Thank you CBC Radio! Just when I think I’ll never hear anything that I haven’t heard at least once already in any given day or week, you give me a wonderful treat.
Stompin’ Tom Connors – his songs and his conversation in radio interviews and call-in shows from the CBC archives. Last Sunday on Radio One on Inside the Music (listen here). If you know him and love his music, you will truly enjoy this. If you know him and think ho hum, take a listen to him talking about his life and where the songs came from. If you have no idea who he is, listen so that you may learn about someone central to Canadian music and Canadian pride.
My mother was a fan of Stompin’ Tom so I grew up with his music. I don’t know if ‘Tillsonburg’ was the first song of his she heard, but it was her favourite. She’s from Tillsonburg and she worked in tobacco – one season. She understood, and connected with, every word. That’s what Stompin’ Tom songs do for Canadians and Canada. He is the quintessential Canadian; born in New Brunswick, raised in PEI and has worked out west, in Ontario and pretty much every part of the country.
In the doc, he talks about meeting people who had recently returned from visiting Germany. The Germans they were with one evening sang their country’s folksongs then asked to hear some songs about Canada. They couldn’t think of one except for Oh Canada. So Tom, over the years, set about writing those songs. He created the folk songs about our country.
There are strong regional music traditions in Canada. Certainly Newfoundland, the Maritimes and Quebec are rich in traditional songs that tell the history of their places, events and people. The west is the homeland of country and western. But songs about Canada as a whole or regional songs known outside those regions? Like Woody Guthrie, Stompin’ Tom both created and popularized the music of a land.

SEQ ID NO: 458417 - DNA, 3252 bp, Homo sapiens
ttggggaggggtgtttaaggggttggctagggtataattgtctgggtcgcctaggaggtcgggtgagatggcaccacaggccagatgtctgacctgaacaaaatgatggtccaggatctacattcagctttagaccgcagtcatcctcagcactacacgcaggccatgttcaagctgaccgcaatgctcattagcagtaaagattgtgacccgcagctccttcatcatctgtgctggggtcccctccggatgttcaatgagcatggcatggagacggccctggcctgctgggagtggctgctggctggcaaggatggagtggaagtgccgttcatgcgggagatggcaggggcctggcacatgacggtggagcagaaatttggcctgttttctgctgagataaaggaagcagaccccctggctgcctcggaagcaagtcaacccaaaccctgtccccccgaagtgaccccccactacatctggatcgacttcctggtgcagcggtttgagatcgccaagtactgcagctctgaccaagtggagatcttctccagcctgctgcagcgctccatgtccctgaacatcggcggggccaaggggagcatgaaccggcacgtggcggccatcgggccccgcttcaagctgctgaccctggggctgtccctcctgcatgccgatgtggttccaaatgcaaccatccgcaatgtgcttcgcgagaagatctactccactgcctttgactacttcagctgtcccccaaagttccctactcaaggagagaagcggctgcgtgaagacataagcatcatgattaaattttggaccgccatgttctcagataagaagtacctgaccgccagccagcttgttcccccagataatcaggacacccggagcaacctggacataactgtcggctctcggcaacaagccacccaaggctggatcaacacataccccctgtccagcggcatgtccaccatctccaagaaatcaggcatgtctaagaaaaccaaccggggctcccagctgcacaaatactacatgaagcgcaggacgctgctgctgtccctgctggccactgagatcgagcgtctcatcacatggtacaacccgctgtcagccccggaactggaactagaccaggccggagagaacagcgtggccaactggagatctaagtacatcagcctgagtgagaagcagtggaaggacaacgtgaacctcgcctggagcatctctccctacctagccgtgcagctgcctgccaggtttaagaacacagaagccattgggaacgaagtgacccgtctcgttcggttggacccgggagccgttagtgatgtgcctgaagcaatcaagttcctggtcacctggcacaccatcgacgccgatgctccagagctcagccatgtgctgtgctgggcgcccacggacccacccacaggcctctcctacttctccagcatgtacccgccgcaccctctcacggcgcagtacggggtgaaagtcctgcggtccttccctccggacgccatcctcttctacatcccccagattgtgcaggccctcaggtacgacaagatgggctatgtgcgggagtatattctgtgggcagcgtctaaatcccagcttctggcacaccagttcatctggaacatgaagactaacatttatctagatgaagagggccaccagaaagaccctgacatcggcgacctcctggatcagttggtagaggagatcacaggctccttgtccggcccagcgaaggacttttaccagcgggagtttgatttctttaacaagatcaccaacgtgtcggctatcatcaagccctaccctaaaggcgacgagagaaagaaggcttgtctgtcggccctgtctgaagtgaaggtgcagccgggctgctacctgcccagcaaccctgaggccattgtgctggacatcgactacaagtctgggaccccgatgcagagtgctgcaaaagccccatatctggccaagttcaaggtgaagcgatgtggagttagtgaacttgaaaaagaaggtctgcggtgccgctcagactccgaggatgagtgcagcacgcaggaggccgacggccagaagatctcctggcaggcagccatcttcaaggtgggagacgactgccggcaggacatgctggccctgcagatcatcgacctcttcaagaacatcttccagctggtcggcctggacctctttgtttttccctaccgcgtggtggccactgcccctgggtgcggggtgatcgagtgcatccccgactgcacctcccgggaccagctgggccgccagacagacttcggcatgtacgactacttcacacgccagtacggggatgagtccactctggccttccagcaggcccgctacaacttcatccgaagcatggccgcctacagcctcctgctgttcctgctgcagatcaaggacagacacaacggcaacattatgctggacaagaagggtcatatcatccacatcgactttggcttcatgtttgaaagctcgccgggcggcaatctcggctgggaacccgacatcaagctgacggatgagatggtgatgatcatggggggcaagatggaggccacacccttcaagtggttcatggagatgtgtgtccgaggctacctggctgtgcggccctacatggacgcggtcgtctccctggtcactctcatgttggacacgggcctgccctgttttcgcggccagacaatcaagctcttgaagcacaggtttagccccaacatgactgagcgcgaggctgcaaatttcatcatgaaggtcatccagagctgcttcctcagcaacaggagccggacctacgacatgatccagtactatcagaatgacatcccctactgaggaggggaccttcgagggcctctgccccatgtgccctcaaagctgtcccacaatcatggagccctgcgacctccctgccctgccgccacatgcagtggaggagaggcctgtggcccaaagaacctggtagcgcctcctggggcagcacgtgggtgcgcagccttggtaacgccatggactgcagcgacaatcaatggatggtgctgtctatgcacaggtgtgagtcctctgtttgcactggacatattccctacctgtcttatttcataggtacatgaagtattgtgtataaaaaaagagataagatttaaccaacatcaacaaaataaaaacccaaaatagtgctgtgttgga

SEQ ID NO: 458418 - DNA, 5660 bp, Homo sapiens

‘Stompin’ from St. John’s to Tillsonburg
The first time I saw Stompin’ Tom perform was in St. John’s at the old Memorial arena. He was on a small dais and the audience was seated in front, all of us on the covered ice surface. It was close and personal. He didn’t mind you getting out in the aisle taking his picture and he stayed after the performance for a long time signing autographs and talking to fans.
Years later I saw him in Tillsonburg. The sound system was atrocious. It was almost impossible to make out his words when he was singing or talking. But it was worth every cent and more when he started Tillsonburg (My back still aches). The place went up! You couldn’t hear him over everyone singing along. (You can listen to him singing it in Hamilton by clicking the title, also below for Sudbury Saturday Night.)
In his songs, Stompin’ Tom gets at the heart of the people and landscape of every one of our regions. And by focusing on the particular, he speaks to the whole of this large and sometimes fragmented nation. Thank you, CBC, for the chance to hear him talk about how and why he made the music and to tap my foot and sing along with Sudbury Saturday Night. You don’t have to have ever been in Sudbury to ‘get it’.